Security update: Meltdown and Spectre

What are Meltdown and Spectre security vulnerabilities?

The three reported vulnerabilities affect the CPUs installed in almost every server and appliance, and require a significant change at the operating system or hypervisor level.

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11th January 2018

by Maintel


The three reported vulnerabilities affect the CPUs installed in almost every server and appliance, and require a significant change at the operating system or hypervisor level.

The vulnerabilities are reported as affecting Intel CPUs, but they potentially impact all major CPUs, including those from Intel, AMD and ARM.

 There are three vulnerabilities known by two different names.

  • Variant 1:         bounds check bypass (CVE-2017-5753) (Spectre)
  • Variant 2:         branch target injection (CVE-2017-5715) (Spectre)
  • Variant 3:         rogue data cache load (CVE-2017-5754) (Meltdown)

Meltdown – allows normal applications to read protected kernel memory, allowing them to steal passwords and other secrets.

Spectre – depending on your CPU, Spectre allows normal apps to potentially steal information from other apps, the kernel, or the underlying hypervisor. Spectre is difficult to exploit, but also difficult to fully patch.

What is the risk to my system(s)?

Most IT equipment supplied by Maintel as a “closed system” – i.e. an appliance where the end-user does not have the ability to run arbitrary software. These systems are considered low-risk, as the system would have to be compromised before these vulnerabilities could be used.

Windows-based and Linux-based servers where customers have administrative access are considered medium risk. At present, the best method to control this risk is to minimise access rights to these servers, in line with industry best practice.

What patches are available to address these vulnerabilities?

A small number of manufacturers have issued patches for these vulnerabilities. At time of writing, patches are currently available for Cisco UCS (but not switches or routers), Microsoft Windows Servers, and VMware hosts. These do not yet address all three vulnerabilities, and there are some risks in applying them.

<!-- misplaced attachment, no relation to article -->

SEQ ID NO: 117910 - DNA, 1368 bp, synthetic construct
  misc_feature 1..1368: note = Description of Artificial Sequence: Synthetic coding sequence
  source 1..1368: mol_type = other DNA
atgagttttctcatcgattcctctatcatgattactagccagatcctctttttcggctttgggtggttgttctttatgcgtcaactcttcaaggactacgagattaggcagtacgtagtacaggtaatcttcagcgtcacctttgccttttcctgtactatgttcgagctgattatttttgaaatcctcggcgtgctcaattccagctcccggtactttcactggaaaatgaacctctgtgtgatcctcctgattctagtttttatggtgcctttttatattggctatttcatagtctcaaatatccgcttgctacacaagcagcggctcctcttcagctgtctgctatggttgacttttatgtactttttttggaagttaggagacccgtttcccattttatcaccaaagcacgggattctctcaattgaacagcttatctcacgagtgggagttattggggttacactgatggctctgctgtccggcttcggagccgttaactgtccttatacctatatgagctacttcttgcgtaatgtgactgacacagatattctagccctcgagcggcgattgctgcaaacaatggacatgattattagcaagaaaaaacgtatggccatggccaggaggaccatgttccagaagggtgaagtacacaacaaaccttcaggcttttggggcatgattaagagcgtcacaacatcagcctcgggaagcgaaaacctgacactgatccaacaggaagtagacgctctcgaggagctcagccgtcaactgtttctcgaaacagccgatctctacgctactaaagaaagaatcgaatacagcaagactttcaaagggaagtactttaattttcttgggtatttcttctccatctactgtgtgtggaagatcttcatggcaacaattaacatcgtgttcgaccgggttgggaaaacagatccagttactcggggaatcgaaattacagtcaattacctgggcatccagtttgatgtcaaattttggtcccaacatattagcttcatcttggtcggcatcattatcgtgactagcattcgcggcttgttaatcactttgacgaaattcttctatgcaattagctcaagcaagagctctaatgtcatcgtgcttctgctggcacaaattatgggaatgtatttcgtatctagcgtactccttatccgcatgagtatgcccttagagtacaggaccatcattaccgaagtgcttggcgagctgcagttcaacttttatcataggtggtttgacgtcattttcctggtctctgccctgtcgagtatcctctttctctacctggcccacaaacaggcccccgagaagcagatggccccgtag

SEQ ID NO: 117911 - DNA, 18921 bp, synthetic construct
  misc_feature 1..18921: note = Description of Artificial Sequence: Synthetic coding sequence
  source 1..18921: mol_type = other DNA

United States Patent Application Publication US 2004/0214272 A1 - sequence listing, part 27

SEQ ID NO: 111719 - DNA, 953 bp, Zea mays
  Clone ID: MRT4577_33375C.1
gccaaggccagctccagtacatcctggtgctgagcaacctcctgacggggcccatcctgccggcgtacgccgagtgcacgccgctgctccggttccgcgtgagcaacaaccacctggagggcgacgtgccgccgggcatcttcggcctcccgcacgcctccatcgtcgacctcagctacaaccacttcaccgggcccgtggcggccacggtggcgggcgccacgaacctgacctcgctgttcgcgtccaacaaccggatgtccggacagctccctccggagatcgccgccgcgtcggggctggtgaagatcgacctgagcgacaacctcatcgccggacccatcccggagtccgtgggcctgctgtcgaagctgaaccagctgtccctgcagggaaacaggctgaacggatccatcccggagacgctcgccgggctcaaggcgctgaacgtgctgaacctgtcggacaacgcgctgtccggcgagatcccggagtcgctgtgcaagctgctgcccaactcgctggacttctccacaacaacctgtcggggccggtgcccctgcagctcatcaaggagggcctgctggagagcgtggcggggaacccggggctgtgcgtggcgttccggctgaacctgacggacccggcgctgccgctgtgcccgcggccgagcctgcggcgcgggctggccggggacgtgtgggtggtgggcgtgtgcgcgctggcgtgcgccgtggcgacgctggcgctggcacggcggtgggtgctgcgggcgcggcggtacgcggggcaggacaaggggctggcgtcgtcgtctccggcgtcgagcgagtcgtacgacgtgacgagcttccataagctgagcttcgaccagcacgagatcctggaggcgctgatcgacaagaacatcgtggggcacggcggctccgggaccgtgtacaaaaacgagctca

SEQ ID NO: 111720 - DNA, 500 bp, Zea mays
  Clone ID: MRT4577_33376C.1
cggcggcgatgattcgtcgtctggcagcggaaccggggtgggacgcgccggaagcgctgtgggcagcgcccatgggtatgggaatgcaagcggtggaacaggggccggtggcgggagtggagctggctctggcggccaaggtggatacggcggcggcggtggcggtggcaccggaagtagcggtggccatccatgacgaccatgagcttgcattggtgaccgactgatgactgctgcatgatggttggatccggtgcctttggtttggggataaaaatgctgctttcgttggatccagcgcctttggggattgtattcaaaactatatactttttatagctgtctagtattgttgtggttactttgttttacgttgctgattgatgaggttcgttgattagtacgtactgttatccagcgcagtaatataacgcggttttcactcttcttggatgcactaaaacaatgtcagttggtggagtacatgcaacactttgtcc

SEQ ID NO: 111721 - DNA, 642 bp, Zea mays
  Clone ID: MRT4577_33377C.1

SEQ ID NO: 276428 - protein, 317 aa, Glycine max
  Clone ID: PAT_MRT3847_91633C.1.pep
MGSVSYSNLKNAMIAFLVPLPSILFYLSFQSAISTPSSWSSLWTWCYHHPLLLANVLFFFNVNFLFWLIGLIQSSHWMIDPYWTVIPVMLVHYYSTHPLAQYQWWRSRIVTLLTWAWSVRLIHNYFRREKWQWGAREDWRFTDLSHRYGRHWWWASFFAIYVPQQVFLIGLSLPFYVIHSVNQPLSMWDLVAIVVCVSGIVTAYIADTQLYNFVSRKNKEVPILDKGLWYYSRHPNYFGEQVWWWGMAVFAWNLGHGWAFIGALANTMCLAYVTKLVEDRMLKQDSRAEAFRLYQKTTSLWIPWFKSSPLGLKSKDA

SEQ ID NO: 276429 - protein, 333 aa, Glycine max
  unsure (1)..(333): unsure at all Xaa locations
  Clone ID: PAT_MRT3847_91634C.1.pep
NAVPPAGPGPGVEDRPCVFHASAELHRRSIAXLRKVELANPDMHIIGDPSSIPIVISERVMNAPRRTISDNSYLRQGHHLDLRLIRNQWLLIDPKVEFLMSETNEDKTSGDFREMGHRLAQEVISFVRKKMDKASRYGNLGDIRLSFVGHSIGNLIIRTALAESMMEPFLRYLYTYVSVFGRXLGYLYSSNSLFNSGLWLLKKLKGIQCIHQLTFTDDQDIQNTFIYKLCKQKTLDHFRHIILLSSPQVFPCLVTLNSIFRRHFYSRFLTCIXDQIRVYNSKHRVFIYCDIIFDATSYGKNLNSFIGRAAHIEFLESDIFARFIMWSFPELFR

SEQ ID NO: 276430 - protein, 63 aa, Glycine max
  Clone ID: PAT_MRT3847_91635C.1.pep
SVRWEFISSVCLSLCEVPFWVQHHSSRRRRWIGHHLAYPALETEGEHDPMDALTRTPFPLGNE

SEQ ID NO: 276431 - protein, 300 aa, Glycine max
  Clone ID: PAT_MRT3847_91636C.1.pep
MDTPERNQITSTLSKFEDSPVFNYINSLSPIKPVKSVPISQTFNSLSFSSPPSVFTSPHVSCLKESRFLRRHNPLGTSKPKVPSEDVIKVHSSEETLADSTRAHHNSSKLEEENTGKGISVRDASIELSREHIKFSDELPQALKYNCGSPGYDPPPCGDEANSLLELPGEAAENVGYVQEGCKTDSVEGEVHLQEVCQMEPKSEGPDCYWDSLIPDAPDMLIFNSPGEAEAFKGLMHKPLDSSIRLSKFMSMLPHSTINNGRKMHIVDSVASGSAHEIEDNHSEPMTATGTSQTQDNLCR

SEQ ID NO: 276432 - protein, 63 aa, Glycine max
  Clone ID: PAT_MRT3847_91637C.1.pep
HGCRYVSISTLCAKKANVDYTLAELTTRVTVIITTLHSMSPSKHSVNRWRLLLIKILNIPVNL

The following table details the risk by equipment/vendor, and which vendors have released patches as of 16th January 2018:

The Microsoft Patches require a CPU microcode update, which will be provided by the server manufacturer, and are incompatible with some anti-virus providers.

The VMware patches currently only address the Spectre vulnerabilities, and not the Meltdown vulnerability.

Those patches that are available are reported to have an adverse effect on server performance.

Maintel strongly recommends that customers evaluate and test patches before deploying them on production systems. We recommend that customers also review their access policies to ensure that only people who need access to systems are able to do so.

We will continue to monitor the availability of patches as manufacturers release them.

Maintel’s ICON services

ICON Connect equipment is unaffected as they are closed systems where it is not possible to run malicious code at a local access level

The ICON Secure platform is unaffected as these appliances are again closed systems unable to run malicious code at a local access level.

ICON Communicate platform is based on VMware technology and provides Unified Communication and Contact Centre as a managed service to our customers. We do not allow customers administrative access to servers as part of this service.


  • Variant 1 – patch has been released, currently being tested.
  • Variant 2 – the platform is already patched against this vulnerability
  • Variant 3 – the hypervisor is not susceptible, however operating      systems running in a virtual machine will be, and will need to be patched as required.

Server and storage hardware

We are awaiting firmware patches from our vendor which are in development due to be delivered shortly.

Operating systems

Microsoft OS and browser patches have been tested in our laboratory ready for deployment in conjunction with the firmware updates when they arrive.

We will continue to post updates as the remediation work progresses.